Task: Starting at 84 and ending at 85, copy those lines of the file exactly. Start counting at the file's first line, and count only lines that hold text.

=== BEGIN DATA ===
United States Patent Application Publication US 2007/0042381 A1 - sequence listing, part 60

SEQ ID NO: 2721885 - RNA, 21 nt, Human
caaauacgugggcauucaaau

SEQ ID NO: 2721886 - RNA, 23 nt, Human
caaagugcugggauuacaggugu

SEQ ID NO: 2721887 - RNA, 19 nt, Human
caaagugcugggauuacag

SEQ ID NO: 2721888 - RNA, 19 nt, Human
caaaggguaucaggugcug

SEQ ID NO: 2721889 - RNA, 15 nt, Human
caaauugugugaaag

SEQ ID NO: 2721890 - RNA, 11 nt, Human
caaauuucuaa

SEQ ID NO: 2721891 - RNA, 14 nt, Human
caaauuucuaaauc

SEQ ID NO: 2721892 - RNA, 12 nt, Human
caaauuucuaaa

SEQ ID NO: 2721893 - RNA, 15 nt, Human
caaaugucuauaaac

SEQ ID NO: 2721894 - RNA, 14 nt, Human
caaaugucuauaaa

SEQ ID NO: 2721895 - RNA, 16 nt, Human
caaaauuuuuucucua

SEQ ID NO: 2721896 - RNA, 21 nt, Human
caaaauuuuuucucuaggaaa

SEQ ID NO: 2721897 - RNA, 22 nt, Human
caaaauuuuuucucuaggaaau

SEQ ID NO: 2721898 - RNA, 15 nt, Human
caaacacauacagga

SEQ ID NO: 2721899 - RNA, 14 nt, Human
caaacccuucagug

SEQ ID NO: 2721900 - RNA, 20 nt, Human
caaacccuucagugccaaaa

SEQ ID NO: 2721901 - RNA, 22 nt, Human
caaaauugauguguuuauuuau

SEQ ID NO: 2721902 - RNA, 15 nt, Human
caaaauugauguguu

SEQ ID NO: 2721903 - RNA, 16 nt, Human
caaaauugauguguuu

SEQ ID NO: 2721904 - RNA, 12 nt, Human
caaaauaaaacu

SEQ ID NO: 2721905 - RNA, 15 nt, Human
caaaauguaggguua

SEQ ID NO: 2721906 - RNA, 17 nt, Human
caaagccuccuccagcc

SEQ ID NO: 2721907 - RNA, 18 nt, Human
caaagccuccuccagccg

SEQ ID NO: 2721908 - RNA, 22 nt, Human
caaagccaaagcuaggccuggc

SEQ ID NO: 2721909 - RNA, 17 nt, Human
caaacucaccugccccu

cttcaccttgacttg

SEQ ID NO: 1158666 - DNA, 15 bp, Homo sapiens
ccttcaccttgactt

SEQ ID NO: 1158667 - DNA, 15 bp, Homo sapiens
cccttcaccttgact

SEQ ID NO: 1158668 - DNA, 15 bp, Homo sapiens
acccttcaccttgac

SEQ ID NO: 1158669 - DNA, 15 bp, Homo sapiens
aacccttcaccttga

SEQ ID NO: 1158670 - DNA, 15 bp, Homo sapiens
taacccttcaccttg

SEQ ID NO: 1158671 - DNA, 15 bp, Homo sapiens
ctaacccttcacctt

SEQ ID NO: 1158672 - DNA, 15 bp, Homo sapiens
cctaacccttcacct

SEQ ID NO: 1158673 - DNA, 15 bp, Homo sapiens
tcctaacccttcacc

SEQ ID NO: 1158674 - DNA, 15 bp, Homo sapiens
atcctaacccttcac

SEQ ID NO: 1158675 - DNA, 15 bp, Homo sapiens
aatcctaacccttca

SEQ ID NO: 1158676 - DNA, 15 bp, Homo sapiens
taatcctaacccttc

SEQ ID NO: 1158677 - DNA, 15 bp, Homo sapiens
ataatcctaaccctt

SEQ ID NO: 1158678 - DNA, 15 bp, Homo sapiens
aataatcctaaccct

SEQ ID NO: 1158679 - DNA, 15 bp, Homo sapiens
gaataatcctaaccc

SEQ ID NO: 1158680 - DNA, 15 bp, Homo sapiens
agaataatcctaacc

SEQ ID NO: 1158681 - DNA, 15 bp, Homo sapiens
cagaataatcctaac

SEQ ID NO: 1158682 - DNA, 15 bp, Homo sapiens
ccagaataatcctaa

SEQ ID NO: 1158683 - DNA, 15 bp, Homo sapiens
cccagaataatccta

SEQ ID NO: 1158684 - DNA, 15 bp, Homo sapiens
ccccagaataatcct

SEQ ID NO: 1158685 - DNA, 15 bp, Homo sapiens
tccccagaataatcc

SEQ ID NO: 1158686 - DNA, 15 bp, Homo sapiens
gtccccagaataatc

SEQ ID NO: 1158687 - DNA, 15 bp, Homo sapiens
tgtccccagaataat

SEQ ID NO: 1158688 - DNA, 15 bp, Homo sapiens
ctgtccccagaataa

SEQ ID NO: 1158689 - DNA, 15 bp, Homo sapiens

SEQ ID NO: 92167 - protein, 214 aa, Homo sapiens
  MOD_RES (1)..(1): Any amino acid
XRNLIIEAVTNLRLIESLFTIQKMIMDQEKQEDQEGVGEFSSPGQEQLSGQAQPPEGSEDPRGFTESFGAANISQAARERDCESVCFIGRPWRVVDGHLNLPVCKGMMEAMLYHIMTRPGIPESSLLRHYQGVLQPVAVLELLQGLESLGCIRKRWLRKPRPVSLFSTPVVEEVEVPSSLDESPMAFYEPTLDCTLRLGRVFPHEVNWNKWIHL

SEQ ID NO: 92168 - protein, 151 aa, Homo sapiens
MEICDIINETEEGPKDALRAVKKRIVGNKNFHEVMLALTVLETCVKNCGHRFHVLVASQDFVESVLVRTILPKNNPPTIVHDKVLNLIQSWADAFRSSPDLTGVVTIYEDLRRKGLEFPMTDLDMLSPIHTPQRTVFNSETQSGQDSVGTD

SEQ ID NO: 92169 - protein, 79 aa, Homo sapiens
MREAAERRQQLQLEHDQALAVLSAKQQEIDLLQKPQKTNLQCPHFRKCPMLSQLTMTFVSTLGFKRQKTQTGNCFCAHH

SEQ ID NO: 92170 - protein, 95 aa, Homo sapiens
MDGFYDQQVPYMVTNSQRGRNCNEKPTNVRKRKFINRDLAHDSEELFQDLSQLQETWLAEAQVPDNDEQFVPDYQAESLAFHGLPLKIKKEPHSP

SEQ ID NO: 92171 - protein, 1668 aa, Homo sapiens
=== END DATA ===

cagaataatcctaac

SEQ ID NO: 1158682 - DNA, 15 bp, Homo sapiens